Fast-forward a whopping 30 minutes to another semi-knock on my already-open door (we’re currently experiencing an Indian summer, and it’s freakin' hot on the 4th floor!) It was my landlady! She asked me how I was settling in, and I told her how much I was enjoying my new place. She then said, “It’s so nice out, and you’re all alone up here on a Friday night!” (loser much?? Haha), and then asked me to join her family for a barbecue at their house in the countryside. Though part of me wanted to plop down and sleep for hours, alone for the first time in a week, I am currently trying out a principle of not saying ‘no’ (within reason, nothing crazy!) I have a tendency to avoid potentially awkward situations at the risk of losing out. Wouldn’t you know it, it ended up being a great night!

I’ll take this time to say that she invited me at around 6:30pm, just as I was going from hungry to ravenous. Little did I know that dinner wouldn’t start until around 10! Once we got in the car, we hit a little city traffic, stopped at the market to pick up some fruits and vegetables, and then dropped one daughter (age 20) off at the stables to ride while also picking up her youngest (Amélie, age 11). Upon arrival at their gorgeous home, Mr. Schaller and Amélie went for a swim. Mme Schaller asked me if I wanted to swim and offered to lend me a bathing suit, but I decided to temporarily abandon my “don’t say no” policy. Baby steps.

As we were waiting for dinner to start as well as for her other daughter to return home from riding lessons with her two friends, I sat outside with Amélie chatting and going over her English workbooks. My landlords had asked me a few days ago if I would be interested in tutoring Amélie in English, and I readily agreed. Yesterday was a bit of a preview! She is extremely sweet and I’m sure we will both teach each other a lot. As an aside, if you want to hear one of the most adorable sounds in the world, just listen to a child speak French. It gets me every time!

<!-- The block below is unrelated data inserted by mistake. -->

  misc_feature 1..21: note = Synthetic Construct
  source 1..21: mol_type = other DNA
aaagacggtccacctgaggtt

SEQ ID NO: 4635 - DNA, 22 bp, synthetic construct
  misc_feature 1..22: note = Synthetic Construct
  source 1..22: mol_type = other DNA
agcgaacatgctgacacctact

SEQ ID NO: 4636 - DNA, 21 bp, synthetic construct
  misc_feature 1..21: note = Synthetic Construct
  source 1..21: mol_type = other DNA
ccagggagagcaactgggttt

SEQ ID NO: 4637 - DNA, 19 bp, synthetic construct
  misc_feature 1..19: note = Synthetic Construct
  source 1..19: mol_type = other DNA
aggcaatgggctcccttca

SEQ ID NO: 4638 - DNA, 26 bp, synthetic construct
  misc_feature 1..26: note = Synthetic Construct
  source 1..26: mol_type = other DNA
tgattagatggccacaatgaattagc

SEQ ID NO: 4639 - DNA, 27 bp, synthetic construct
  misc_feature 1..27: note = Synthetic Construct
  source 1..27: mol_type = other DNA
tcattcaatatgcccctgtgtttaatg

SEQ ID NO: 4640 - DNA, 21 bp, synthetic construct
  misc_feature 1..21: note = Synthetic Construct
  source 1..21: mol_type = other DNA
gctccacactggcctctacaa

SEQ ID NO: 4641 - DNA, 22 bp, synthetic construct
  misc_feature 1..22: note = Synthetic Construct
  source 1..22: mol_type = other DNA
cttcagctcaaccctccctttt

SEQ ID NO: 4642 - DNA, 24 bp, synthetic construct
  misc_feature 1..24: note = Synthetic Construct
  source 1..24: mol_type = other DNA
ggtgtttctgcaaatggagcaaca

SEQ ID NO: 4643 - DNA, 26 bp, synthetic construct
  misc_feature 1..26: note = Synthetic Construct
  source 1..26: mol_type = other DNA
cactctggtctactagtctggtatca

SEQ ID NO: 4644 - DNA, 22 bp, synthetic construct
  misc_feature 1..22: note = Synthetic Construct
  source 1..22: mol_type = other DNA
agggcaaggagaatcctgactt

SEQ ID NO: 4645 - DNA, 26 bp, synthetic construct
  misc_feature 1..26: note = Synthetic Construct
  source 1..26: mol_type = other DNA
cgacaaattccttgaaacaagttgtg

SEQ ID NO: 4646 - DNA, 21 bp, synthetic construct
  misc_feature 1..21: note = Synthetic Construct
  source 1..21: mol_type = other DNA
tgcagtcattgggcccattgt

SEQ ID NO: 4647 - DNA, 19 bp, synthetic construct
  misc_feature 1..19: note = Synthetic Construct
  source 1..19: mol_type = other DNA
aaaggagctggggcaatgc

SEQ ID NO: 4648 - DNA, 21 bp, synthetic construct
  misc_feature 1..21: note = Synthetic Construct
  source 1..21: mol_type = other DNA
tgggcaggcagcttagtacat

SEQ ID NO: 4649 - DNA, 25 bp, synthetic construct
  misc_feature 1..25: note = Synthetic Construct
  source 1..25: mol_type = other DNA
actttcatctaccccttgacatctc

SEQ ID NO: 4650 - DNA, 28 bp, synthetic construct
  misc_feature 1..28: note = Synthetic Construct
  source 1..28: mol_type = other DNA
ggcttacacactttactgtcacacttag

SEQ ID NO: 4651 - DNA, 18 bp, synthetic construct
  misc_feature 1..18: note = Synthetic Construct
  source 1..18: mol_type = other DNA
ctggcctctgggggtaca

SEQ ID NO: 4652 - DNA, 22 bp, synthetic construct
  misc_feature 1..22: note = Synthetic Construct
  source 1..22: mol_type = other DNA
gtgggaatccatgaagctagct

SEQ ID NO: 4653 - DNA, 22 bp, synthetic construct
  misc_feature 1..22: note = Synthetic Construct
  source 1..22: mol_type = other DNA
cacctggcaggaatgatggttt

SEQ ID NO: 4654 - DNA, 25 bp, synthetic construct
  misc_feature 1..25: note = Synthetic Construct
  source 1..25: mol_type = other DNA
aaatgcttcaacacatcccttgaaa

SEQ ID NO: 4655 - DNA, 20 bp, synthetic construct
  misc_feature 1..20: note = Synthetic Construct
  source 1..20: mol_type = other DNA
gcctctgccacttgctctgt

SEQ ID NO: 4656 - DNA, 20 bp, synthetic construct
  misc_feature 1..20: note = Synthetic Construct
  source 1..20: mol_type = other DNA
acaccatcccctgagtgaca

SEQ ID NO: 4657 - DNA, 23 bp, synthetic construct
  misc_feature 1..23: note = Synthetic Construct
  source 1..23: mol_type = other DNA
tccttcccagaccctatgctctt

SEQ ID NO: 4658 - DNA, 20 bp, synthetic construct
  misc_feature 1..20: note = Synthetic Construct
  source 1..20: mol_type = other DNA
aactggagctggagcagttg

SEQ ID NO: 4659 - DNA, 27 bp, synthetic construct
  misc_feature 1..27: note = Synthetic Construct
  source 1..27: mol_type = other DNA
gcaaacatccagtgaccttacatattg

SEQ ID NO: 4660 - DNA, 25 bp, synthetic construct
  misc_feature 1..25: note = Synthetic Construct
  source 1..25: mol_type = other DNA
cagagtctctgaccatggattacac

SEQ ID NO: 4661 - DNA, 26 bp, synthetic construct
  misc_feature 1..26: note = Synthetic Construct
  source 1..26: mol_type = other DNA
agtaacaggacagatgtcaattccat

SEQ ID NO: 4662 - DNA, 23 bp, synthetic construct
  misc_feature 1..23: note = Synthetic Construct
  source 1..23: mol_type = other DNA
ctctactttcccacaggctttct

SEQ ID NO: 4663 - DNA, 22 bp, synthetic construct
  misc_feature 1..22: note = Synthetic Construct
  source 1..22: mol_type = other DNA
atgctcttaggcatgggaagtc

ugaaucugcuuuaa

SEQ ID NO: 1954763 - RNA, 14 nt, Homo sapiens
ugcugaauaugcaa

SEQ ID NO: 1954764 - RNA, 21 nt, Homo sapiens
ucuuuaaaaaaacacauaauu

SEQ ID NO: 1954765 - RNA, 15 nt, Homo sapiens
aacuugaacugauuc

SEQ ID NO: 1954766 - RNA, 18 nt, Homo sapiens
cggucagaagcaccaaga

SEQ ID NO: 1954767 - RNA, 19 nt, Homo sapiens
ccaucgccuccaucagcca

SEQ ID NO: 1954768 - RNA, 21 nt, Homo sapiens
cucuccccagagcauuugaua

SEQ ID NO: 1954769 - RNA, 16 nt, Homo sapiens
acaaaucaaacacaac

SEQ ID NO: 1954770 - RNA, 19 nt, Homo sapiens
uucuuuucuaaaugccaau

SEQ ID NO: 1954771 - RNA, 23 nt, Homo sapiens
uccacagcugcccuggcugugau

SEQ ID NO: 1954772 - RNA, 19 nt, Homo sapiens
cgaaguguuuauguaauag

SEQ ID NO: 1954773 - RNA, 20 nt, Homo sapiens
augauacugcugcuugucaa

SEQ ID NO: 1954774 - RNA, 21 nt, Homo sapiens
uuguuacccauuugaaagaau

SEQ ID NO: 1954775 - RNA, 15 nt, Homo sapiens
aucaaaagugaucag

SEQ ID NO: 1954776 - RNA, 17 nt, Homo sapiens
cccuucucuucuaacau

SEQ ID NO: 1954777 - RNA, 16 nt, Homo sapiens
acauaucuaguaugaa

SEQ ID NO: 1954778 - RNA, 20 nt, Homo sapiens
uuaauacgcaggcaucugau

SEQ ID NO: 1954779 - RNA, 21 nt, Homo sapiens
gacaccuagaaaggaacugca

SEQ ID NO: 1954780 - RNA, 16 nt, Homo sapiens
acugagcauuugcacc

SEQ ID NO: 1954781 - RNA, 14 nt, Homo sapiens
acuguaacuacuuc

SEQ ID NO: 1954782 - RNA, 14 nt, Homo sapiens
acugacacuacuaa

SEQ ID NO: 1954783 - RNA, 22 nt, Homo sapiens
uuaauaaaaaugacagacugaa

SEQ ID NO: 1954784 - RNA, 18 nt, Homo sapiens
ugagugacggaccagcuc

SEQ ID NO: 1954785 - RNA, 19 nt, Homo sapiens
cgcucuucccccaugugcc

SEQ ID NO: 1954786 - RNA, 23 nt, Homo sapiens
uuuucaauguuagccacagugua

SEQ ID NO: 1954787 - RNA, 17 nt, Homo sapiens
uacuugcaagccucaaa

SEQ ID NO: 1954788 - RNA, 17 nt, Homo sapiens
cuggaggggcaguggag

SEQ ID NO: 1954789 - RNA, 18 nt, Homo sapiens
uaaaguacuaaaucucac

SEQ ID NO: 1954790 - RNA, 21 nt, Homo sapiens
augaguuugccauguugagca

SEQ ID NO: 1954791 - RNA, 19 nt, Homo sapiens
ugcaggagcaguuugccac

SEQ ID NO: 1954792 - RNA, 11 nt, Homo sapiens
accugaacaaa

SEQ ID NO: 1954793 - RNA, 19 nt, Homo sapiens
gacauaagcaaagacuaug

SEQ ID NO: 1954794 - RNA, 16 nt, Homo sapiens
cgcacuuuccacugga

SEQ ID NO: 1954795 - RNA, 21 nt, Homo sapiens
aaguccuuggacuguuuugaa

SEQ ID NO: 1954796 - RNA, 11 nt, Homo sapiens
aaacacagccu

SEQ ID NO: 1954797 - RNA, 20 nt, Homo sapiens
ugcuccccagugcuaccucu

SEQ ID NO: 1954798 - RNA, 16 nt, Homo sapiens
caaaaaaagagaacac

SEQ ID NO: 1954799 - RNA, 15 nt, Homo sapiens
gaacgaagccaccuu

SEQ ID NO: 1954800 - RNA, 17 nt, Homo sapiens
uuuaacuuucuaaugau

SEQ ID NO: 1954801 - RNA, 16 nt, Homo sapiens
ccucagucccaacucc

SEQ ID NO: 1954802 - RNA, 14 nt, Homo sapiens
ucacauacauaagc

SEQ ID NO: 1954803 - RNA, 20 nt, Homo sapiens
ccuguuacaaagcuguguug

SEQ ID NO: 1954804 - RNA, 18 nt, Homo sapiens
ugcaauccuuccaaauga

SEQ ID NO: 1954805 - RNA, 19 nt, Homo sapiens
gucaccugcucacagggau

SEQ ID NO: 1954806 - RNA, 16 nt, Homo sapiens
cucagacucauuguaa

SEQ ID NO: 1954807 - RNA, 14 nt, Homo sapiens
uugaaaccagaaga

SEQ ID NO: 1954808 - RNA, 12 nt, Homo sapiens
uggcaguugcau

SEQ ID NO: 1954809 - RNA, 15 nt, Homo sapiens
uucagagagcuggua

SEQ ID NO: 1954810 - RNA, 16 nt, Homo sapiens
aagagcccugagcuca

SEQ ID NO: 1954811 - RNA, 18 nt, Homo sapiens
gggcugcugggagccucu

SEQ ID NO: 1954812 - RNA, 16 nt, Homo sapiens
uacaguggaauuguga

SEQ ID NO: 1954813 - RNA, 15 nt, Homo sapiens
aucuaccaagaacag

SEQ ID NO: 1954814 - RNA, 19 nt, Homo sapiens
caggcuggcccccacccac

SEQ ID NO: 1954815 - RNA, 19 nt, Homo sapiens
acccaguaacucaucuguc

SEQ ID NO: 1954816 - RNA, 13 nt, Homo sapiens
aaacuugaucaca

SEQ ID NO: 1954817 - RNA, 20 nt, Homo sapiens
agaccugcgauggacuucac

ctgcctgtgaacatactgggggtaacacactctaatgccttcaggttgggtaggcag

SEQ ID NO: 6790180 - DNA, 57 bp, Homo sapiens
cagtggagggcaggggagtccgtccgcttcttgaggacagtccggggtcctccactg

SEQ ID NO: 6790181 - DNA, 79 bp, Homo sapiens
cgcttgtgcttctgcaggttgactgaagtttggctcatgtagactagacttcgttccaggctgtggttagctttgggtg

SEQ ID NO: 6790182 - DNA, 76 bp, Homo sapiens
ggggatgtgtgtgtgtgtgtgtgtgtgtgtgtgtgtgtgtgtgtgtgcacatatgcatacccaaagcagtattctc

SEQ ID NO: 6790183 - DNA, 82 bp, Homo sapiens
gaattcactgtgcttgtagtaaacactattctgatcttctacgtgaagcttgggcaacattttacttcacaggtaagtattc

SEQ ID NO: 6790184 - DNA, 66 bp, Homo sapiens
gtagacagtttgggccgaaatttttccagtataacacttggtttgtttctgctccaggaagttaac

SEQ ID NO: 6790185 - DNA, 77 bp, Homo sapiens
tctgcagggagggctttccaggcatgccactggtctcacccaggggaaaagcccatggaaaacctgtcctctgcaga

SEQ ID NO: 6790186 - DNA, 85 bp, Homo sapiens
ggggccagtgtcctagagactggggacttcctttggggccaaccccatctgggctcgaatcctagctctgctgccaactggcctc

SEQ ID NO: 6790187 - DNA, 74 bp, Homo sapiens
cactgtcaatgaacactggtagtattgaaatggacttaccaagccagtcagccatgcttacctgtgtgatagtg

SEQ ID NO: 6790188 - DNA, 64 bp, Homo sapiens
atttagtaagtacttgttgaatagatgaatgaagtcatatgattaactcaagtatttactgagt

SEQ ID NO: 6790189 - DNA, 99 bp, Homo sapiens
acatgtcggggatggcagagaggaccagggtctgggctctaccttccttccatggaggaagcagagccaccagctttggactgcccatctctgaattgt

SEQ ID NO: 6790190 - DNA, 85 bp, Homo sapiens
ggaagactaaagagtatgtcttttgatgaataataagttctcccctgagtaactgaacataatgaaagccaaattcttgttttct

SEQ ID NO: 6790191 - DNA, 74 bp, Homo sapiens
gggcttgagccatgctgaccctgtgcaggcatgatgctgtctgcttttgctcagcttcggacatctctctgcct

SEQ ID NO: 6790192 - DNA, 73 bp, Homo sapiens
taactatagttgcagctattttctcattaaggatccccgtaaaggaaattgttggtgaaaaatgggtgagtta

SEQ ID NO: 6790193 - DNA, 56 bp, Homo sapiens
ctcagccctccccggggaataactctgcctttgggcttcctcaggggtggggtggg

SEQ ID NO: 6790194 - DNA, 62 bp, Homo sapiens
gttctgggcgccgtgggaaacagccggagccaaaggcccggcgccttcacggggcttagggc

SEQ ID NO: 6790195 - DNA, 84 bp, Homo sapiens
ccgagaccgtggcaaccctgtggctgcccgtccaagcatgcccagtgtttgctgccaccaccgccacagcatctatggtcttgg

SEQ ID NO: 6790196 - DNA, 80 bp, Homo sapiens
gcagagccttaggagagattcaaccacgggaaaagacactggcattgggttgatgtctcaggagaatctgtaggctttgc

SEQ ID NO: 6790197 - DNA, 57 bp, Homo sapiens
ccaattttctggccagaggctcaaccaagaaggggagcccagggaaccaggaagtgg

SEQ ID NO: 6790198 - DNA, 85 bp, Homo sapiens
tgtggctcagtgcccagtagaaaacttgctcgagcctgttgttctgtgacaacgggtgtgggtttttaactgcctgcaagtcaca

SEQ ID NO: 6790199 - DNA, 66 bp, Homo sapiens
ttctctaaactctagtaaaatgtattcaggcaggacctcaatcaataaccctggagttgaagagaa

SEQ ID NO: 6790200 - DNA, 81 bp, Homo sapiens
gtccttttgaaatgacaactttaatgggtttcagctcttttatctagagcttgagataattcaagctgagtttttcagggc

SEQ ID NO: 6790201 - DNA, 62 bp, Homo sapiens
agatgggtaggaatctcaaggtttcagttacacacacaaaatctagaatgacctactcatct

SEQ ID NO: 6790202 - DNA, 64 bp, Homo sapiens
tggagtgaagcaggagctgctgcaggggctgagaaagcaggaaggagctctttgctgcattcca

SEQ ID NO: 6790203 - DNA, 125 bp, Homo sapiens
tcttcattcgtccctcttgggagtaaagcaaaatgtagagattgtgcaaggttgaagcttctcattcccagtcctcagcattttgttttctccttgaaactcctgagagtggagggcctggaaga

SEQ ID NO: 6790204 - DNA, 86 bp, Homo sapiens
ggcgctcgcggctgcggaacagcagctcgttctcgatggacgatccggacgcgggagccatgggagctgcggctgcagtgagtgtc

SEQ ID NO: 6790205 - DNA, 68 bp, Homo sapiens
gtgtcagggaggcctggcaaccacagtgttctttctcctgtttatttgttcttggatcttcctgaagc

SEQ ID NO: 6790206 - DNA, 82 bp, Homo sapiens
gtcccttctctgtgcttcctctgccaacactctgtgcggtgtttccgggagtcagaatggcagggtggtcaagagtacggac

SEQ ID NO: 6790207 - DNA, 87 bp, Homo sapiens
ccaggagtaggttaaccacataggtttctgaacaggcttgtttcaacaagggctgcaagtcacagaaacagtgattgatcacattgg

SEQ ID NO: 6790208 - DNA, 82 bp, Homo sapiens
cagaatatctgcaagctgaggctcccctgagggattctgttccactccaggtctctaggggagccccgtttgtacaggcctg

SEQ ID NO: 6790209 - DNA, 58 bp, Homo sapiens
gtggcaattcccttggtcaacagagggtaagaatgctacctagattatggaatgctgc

The dinner and wine were wonderful, and of course ended with bread and delicious cheese from the Pays Basque, as well as some fruit. The meal itself lasted a couple of hours, followed by some TV and chatting. Around 11:30, however, I began to wonder if I had unwittingly signed up for a sleepover.

A few minutes later, Mme Schaller indeed asked if I wanted to stay over, saying that her kids’ friends have the habit of doing so on Friday nights. I abandoned my “don’t say no” policy yet again and said that I’d prefer to sleep in my apartment if they wouldn’t mind. It was to be my inaugural slumber, after all! She and Mr. Schaller drove me home, taking a little loop around the apartment to point out the good bakeries and stores in the area. I got in my room a little after 12 and was wiped but so glad that I’ve met such kind people so far. I feel that I already have a sort of ‘home base’ and definitely have people I can go to if I need anything!

Today was another landmark day: I did LAUNDRY! Glorious clean clothes were strung all over my apartment like decorations for a grand festival; I even hung my jeans out the window to dry. I found a nice little Laundromat up the street that’s only a five-minute walk- hallelujah!

Later in the day, I met fellow assistants Emily, Jamie and Liz for lunch in Place Saint-Marc (only about 15 minutes away between the metro and walking) and afterwards explored the centre-ville for a bit! Rouen is great on the weekends, full of life and all sorts of people. Tomorrow there are a couple of really good markets, so I’m going to try to get out there early! Not too early, however. The markets start around 6am, it doesn’t begin to get light here until around 7:30 am. I’m not about to go shopping in the dark! I’m not that hardcore yet.

Well that’s definitely a long enough post for this time. Soon you’ll be able to read all about my classroom adventures – things should get interesting ;)
I didn't know my thumbs could bend that far!